Wednesday, July 26, 2023

Model Collapse

A few decades ago I was working at the National Center for Atmospheric Research, a national lab in Boulder Colorado sponsored by the National Science Foundation. Although our missions were completely different, we had a lot in common operationally with the Department of Energy labs, like Los Alamos and Lawrence Livermore, regarding supercomputers and large data storage systems, so we did a lot of collaboration with them.

I had a boss at NCAR that once remarked that the hidden agenda behind the DoE labs was that they were a work program for physicists. Sometimes, often without much warning, you need a bunch of physicists for a Manhattan Project kind of activity. And you can't just turn out experienced Ph.D. physicists at the drop of a hat; it takes years or even decades. So for reasons of national security and defense policy you have to maintain a pipeline of physicist production, and a means to keep them employed and busy so that they can get the experience they need. Then you've got them when you need them.

This always seemed very forward thinking to me. The kind of forward thinking you hope someone in the U.S. Government is doing.

It came to me today that this is the same issue in the screen writers' and actors' strike.

Machine learning (ML) algorithms, of which Large Language Models (LMMs) are just one example, need almost unbelievably large amounts of data to train their huge neural networks. There is a temptation to use the output of ML models to train other ML models because it's relatively cheap and easy to create more input data, where as expensive humans can take a long time to do it. But training an ML model with the output of another ML model leads to an effect called "model collapse".

I mentioned an article on VentureBeat (which cites an academic paper) on this topic in a prior blog article. The VentureBeat article by Carl Franzen provides the following metaphor:

If you trained an ML model to recognize cats, you could feed it billions of "natural" real-life examples of data about blue cats and yellow cats. Then if you asked it questions about cats, you would get answers containing blue cats, and yellow cats, and maybe even occasionally green cats.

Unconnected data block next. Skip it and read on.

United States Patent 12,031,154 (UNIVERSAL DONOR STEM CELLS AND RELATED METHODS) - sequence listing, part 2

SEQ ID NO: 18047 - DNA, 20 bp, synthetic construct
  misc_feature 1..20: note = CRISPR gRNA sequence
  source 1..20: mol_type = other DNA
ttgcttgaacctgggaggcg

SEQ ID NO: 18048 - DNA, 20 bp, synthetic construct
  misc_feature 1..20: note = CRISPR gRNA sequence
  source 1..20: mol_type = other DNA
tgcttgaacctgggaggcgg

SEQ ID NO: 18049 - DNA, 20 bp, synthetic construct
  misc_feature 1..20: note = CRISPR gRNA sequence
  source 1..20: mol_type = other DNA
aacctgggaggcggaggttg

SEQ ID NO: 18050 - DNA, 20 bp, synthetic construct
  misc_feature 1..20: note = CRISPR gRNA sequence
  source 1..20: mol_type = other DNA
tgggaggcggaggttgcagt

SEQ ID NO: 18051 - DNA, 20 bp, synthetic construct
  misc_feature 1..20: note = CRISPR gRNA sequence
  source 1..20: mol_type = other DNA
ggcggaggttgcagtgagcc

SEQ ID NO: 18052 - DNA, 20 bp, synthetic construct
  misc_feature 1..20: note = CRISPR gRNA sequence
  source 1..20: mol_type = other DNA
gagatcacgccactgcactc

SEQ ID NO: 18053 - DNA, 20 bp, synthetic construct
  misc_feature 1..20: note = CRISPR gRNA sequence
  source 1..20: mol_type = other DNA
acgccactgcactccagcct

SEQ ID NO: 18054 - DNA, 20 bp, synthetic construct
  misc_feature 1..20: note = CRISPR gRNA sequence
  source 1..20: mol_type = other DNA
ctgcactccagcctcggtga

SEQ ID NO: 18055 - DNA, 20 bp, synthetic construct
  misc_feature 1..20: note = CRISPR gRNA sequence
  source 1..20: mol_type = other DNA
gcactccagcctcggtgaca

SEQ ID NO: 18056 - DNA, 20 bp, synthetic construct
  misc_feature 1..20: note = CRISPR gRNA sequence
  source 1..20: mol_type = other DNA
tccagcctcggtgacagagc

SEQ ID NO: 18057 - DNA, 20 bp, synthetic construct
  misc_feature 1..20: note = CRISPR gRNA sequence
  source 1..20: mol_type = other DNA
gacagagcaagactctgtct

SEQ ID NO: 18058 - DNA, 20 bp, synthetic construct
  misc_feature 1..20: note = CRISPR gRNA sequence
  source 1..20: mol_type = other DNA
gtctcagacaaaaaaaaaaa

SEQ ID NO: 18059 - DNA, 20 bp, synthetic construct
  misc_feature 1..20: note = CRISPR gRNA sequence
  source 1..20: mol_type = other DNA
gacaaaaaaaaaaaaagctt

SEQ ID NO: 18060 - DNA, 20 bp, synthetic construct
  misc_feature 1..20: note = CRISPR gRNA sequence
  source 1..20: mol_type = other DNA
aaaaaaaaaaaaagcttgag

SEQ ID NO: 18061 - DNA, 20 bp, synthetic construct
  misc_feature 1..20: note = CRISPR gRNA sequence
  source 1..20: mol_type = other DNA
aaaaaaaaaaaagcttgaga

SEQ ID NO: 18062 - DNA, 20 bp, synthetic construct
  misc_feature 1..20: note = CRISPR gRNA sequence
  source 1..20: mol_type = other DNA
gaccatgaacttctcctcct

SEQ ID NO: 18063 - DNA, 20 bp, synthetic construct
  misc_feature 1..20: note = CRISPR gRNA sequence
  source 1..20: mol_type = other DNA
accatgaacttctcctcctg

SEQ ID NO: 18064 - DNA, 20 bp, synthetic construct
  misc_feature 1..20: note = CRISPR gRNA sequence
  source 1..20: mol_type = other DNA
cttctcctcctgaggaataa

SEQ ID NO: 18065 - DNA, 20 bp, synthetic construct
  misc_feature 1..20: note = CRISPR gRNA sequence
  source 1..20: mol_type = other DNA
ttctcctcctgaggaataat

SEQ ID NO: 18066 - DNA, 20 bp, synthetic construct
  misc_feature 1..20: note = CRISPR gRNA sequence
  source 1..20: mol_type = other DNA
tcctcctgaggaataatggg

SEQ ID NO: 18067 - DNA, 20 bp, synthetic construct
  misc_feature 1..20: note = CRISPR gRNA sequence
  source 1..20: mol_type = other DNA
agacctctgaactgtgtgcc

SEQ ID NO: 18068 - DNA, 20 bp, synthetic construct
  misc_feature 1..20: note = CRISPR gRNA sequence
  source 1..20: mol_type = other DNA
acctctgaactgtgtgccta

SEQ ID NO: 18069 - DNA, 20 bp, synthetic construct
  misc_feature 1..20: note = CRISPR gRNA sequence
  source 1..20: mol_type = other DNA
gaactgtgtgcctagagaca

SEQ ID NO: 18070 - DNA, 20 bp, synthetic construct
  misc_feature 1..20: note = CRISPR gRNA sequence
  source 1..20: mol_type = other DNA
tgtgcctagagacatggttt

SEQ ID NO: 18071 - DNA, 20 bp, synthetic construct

But suppose yellow cats were relatively rarely represented in your data, whether they were rare in the real world or not. Mostly then you would get answers about blue cats, almost never yellow cats, and rarely if ever green cats.

Then you started training your new improved ML model on the output of the the prior ML model. The new "synthetic" data set would dilute out all the examples of yellow cats. Eventually you would have model that didn't even recognize yellow cats at all.

This is one example of model collapse: the ML model no longer represents the real-world, and cannot be relied upon to deliver accurate results.

This is what will happen if you eliminate the human elements from your screenwriting or acting (or software development), using AI algorithms to write and to synthesize and portray characters (or write software). If you don't have a full pipeline constantly producing people who have training and experience at writing or acting (or writing software, or whatever it is you need), you no longer have a way to generate the huge human-created and human-curated datasets you need to train your AIs. The models collapse, and eventually the writing or portrayal of characters (or the software) in no way represents the real world.

That valley isn't even uncanny; it's just wrong.

But you can't just gen up more competent, trained, experienced writers or actors (or software developers) on the spur of the moment. It takes years to do that. By the time you realize you're in trouble, it's too late.

This is the precipice some folks want us to move towards today.

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